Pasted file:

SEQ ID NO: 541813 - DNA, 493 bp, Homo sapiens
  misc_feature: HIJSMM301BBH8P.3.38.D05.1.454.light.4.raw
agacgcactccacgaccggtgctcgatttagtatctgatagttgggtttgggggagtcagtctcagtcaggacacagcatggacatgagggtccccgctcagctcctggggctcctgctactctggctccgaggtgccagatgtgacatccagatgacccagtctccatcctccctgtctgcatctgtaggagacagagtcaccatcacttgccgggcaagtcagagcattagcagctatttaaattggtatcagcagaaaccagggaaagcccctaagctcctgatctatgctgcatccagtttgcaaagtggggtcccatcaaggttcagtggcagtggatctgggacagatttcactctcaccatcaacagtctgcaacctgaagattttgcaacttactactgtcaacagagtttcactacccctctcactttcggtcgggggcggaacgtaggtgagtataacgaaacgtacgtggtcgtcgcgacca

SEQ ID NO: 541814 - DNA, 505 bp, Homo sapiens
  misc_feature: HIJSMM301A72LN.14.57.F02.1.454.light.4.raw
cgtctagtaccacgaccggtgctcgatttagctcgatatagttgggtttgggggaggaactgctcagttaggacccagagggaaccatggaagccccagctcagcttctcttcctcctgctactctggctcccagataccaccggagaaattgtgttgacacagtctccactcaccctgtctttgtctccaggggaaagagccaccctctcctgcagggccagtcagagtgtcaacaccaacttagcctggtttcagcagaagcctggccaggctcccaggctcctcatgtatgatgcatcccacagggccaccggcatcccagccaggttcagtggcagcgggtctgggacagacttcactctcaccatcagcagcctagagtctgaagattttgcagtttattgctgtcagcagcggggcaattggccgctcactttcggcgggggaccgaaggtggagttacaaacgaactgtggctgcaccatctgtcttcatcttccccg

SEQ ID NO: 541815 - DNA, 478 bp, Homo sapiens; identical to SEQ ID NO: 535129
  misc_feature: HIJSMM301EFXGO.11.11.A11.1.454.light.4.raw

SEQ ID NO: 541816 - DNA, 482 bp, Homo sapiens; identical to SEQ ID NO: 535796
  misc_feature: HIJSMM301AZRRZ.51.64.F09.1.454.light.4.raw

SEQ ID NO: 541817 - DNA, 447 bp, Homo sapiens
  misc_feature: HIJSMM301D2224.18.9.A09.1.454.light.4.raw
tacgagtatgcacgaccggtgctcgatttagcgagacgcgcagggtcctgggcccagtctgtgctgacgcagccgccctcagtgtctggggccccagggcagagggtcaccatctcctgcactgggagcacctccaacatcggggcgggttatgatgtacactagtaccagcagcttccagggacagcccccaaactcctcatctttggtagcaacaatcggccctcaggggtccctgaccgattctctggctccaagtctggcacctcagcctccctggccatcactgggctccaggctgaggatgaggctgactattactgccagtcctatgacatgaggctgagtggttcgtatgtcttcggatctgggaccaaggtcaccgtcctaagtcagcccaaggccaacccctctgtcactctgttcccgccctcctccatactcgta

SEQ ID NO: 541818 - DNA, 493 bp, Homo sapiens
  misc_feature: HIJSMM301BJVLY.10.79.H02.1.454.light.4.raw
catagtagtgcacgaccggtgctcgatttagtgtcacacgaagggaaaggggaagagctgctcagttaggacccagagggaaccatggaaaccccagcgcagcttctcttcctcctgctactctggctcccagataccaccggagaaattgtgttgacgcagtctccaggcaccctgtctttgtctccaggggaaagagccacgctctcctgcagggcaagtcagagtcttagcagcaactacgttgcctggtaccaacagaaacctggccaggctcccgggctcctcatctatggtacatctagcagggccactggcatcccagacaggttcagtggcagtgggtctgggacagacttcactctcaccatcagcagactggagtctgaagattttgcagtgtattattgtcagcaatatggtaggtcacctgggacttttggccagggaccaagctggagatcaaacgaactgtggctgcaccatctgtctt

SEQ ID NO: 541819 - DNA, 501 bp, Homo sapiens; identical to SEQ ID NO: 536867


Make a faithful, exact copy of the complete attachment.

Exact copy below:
SEQ ID NO: 541813 - DNA, 493 bp, Homo sapiens
  misc_feature: HIJSMM301BBH8P.3.38.D05.1.454.light.4.raw
agacgcactccacgaccggtgctcgatttagtatctgatagttgggtttgggggagtcagtctcagtcaggacacagcatggacatgagggtccccgctcagctcctggggctcctgctactctggctccgaggtgccagatgtgacatccagatgacccagtctccatcctccctgtctgcatctgtaggagacagagtcaccatcacttgccgggcaagtcagagcattagcagctatttaaattggtatcagcagaaaccagggaaagcccctaagctcctgatctatgctgcatccagtttgcaaagtggggtcccatcaaggttcagtggcagtggatctgggacagatttcactctcaccatcaacagtctgcaacctgaagattttgcaacttactactgtcaacagagtttcactacccctctcactttcggtcgggggcggaacgtaggtgagtataacgaaacgtacgtggtcgtcgcgacca

SEQ ID NO: 541814 - DNA, 505 bp, Homo sapiens
  misc_feature: HIJSMM301A72LN.14.57.F02.1.454.light.4.raw
cgtctagtaccacgaccggtgctcgatttagctcgatatagttgggtttgggggaggaactgctcagttaggacccagagggaaccatggaagccccagctcagcttctcttcctcctgctactctggctcccagataccaccggagaaattgtgttgacacagtctccactcaccctgtctttgtctccaggggaaagagccaccctctcctgcagggccagtcagagtgtcaacaccaacttagcctggtttcagcagaagcctggccaggctcccaggctcctcatgtatgatgcatcccacagggccaccggcatcccagccaggttcagtggcagcgggtctgggacagacttcactctcaccatcagcagcctagagtctgaagattttgcagtttattgctgtcagcagcggggcaattggccgctcactttcggcgggggaccgaaggtggagttacaaacgaactgtggctgcaccatctgtcttcatcttccccg

SEQ ID NO: 541815 - DNA, 478 bp, Homo sapiens; identical to SEQ ID NO: 535129
  misc_feature: HIJSMM301EFXGO.11.11.A11.1.454.light.4.raw

SEQ ID NO: 541816 - DNA, 482 bp, Homo sapiens; identical to SEQ ID NO: 535796
  misc_feature: HIJSMM301AZRRZ.51.64.F09.1.454.light.4.raw

SEQ ID NO: 541817 - DNA, 447 bp, Homo sapiens
  misc_feature: HIJSMM301D2224.18.9.A09.1.454.light.4.raw
tacgagtatgcacgaccggtgctcgatttagcgagacgcgcagggtcctgggcccagtctgtgctgacgcagccgccctcagtgtctggggccccagggcagagggtcaccatctcctgcactgggagcacctccaacatcggggcgggttatgatgtacactagtaccagcagcttccagggacagcccccaaactcctcatctttggtagcaacaatcggccctcaggggtccctgaccgattctctggctccaagtctggcacctcagcctccctggccatcactgggctccaggctgaggatgaggctgactattactgccagtcctatgacatgaggctgagtggttcgtatgtcttcggatctgggaccaaggtcaccgtcctaagtcagcccaaggccaacccctctgtcactctgttcccgccctcctccatactcgta

SEQ ID NO: 541818 - DNA, 493 bp, Homo sapiens
  misc_feature: HIJSMM301BJVLY.10.79.H02.1.454.light.4.raw
catagtagtgcacgaccggtgctcgatttagtgtcacacgaagggaaaggggaagagctgctcagttaggacccagagggaaccatggaaaccccagcgcagcttctcttcctcctgctactctggctcccagataccaccggagaaattgtgttgacgcagtctccaggcaccctgtctttgtctccaggggaaagagccacgctctcctgcagggcaagtcagagtcttagcagcaactacgttgcctggtaccaacagaaacctggccaggctcccgggctcctcatctatggtacatctagcagggccactggcatcccagacaggttcagtggcagtgggtctgggacagacttcactctcaccatcagcagactggagtctgaagattttgcagtgtattattgtcagcaatatggtaggtcacctgggacttttggccagggaccaagctggagatcaaacgaactgtggctgcaccatctgtctt

SEQ ID NO: 541819 - DNA, 501 bp, Homo sapiens; identical to SEQ ID NO: 536867